The fake disease that saved Rome's Jews

When Nazi soldiers raided Rome’s Fatebenefratelli Hospital in May of 1944, Dr. Giovanni Borromeo was able to stop them from taking the Jewish families hiding there without firing a single shot. He told the soldiers that the Jews in his care were sick with a highly contagious and deadly illness called K disease. As Borromeo explained the ailment, soldiers could hear the Jewish families coughing violently behind the closed doors of the ward.

The Nazis left the hospital without ever opening the doors of the K disease ward.

To understand why, it helps to remember that there were no antibiotics during World War II. Not for the Nazis, anyway. While penicillin had been discovered, America was the only country that had figured out how to produce it in mass quantities, and it didn’t make its way to Allied forces until shortly before the landing at Normandy in 1944. Which means that, had the Nazi soldiers at Fatebenefratelli Hospital been exposed to K disease, they knew there was nothing they could take to get rid of it.

Dr. Giovanni Borromeo via Yad Vashem

That fear kept the Nazis from opening the ward’s doors, behind which they would’ve found dozens of Jewish men, women, and children–all of them perfectly healthy.

Because K disease wasn’t real.

Rather, it was a brilliant, life-saving scheme dreamed up by Borromeo and Father Maurizio, the Catholic priest who oversaw the hospital. After the Nazis occupied Rome in 1943 and began rounding up the city’s Jewish residents, the two men decided that every Jewish person who came to the hospital seeking refuge would be admitted for treatment of K disease, which was a subtle reference to Albert Kesselring, the Nazi field marshall who oversaw German operations in the Mediterranean. If Nazis asked about Jewish patients allegedly hiding in the hospital–as they eventually did–Borromeo could present intake records showing that the Jews in his care were all dangerously ill.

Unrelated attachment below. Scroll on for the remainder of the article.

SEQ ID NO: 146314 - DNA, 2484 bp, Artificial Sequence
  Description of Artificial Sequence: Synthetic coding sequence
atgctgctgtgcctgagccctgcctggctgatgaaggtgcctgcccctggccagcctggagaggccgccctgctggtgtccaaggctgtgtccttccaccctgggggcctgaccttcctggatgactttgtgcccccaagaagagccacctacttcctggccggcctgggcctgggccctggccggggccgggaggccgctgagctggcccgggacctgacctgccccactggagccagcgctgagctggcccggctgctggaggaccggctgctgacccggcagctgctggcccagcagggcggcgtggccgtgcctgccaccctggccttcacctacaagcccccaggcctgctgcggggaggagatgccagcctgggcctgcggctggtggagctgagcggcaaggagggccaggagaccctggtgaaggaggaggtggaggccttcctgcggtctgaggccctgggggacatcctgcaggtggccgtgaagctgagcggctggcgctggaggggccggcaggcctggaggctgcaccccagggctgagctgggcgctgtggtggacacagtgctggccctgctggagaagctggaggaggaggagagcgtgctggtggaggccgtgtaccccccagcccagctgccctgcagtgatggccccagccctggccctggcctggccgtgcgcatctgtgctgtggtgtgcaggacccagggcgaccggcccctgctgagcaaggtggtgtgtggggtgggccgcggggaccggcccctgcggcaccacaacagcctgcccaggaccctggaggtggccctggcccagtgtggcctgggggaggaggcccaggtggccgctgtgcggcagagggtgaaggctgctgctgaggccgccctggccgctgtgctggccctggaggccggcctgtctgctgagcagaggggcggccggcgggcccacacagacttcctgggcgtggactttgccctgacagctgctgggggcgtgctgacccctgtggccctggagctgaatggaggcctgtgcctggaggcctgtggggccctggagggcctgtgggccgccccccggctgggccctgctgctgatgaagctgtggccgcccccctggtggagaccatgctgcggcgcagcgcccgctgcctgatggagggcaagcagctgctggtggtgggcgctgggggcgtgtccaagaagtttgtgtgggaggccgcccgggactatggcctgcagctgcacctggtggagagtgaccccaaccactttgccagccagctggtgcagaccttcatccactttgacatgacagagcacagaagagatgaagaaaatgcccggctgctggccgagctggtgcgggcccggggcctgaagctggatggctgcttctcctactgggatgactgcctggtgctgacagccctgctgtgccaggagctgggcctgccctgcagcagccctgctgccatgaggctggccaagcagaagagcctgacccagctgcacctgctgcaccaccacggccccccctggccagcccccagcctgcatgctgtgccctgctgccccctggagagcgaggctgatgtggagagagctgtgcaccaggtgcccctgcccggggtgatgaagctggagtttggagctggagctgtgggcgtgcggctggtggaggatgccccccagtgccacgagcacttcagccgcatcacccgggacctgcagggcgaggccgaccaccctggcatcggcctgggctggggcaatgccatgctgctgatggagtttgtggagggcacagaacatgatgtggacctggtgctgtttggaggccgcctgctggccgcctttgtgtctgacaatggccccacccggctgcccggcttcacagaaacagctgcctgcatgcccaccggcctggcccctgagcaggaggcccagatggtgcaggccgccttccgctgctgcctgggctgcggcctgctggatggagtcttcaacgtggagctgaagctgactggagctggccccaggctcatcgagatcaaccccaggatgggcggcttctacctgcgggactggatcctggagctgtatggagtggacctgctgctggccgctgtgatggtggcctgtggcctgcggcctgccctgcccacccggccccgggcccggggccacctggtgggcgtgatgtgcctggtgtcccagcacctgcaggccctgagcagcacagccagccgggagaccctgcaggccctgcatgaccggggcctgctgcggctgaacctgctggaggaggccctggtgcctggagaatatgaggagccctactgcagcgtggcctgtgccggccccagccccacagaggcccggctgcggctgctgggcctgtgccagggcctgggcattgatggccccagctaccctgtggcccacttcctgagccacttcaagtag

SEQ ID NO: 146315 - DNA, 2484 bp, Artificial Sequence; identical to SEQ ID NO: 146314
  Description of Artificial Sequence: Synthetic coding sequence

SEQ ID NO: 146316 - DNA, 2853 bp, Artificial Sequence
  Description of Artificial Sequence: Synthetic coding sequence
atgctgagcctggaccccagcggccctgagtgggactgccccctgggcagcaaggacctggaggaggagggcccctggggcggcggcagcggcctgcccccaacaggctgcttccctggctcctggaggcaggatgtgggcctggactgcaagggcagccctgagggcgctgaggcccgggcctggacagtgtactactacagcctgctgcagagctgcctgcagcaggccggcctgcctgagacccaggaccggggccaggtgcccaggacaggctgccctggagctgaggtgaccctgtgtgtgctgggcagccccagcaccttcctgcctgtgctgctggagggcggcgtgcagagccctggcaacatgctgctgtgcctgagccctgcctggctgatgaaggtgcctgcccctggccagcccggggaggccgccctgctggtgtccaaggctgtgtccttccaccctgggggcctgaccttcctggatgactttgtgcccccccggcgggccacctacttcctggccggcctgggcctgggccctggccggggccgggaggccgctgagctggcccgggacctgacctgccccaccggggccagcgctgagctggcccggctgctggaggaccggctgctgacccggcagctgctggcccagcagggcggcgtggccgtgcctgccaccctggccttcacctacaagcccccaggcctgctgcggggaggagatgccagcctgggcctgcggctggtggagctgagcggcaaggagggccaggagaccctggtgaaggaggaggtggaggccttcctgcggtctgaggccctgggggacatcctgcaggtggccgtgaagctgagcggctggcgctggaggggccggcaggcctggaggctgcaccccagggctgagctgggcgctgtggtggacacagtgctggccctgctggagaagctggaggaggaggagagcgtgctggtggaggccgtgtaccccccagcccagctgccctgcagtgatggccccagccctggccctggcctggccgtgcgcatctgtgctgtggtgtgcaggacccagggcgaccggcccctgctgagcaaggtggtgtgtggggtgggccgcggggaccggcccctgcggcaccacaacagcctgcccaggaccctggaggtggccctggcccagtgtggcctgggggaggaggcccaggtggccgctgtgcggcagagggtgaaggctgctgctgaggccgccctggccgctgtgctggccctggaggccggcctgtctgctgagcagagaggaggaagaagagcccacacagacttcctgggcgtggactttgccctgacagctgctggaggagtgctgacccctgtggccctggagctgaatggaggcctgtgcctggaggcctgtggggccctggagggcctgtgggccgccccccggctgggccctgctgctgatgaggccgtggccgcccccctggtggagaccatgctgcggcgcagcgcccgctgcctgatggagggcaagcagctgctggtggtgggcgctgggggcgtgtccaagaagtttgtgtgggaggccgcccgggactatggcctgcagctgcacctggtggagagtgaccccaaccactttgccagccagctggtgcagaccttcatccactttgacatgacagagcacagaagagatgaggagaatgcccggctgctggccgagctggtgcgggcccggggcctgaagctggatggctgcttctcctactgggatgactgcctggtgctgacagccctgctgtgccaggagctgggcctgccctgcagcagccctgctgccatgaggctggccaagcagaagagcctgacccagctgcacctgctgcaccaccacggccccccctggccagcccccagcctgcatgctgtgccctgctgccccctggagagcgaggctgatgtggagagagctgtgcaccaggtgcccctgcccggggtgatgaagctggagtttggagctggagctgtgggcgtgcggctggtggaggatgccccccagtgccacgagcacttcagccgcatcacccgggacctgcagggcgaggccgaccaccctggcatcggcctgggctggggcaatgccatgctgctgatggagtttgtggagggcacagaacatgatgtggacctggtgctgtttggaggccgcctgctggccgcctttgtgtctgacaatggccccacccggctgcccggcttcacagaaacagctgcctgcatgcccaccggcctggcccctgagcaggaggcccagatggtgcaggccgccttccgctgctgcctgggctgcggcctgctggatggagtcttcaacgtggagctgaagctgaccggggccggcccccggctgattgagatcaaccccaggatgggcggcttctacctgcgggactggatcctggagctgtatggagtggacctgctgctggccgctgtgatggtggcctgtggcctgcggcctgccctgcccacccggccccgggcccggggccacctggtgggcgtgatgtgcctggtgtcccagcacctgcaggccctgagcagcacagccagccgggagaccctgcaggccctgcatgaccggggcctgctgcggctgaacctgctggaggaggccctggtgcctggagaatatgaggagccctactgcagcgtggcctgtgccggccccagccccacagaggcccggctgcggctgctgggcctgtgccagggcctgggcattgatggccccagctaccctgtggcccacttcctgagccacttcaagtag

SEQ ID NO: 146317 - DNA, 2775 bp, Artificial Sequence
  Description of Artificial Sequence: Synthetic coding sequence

If Nazis asked about Jewish patients allegedly hiding in the hospital Borromeo could present intake records showing that the Jews in his care were all dangerously ill.

Borromeo left no English-language record of his reasoning, but his K disease strategy took brilliant advantage of Nazi propaganda, which alleged that Jews in Germany, Poland, and elsewhere carried more diseases than other populations. That vicious stereotype, combined with memories of Germany’s crippling experience with typhus during World War I, had primed Nazis soldiers to be more fearful of sick civilians than Allied troops.

Borromeo’s imagination and courage saved dozens of families in Rome. But he wasn’t the only European doctor who used his medical knowledge to save Jewish families from Nazi persecution. Eugene Lazowski, a doctor in Poland, managed to save as many as 8,000 Jews by creating a fake typhus epidemic.

Turning Appalachia’s contaminated creek water into art
Acid mine drainage turns thousands of creeks orange in Appalachia. True Pigments is pulling that pollution to create paint pigments.
Ukrainian artists turn to NFTs to tell their stories 
A Kyiv gallerist and Puerto Rican art gallery are auctioning off NFTs of art created in conflict to support Ukrainian artists.
Behind the crypto hype is an ideology of social change
Unlike technology enthusiasts or crypto marketers, “true bitcoiners” didn’t talk about technology, but trust and corruption.
russian propaganda
Volunteers cold call Russians to tell them the truth about Ukraine
Volunteers are using phone calls, spam emails, and more to counter Russian propaganda and tell Russians the truth about the Ukraine war.
ukraine it army
International army of hackers joins Ukraine’s cyberwar 
An estimated 400,000 volunteers have joined Ukraine’s IT army, helping the nation attack Russia from the digital realm.
Up Next
Subscribe to Freethink for more great stories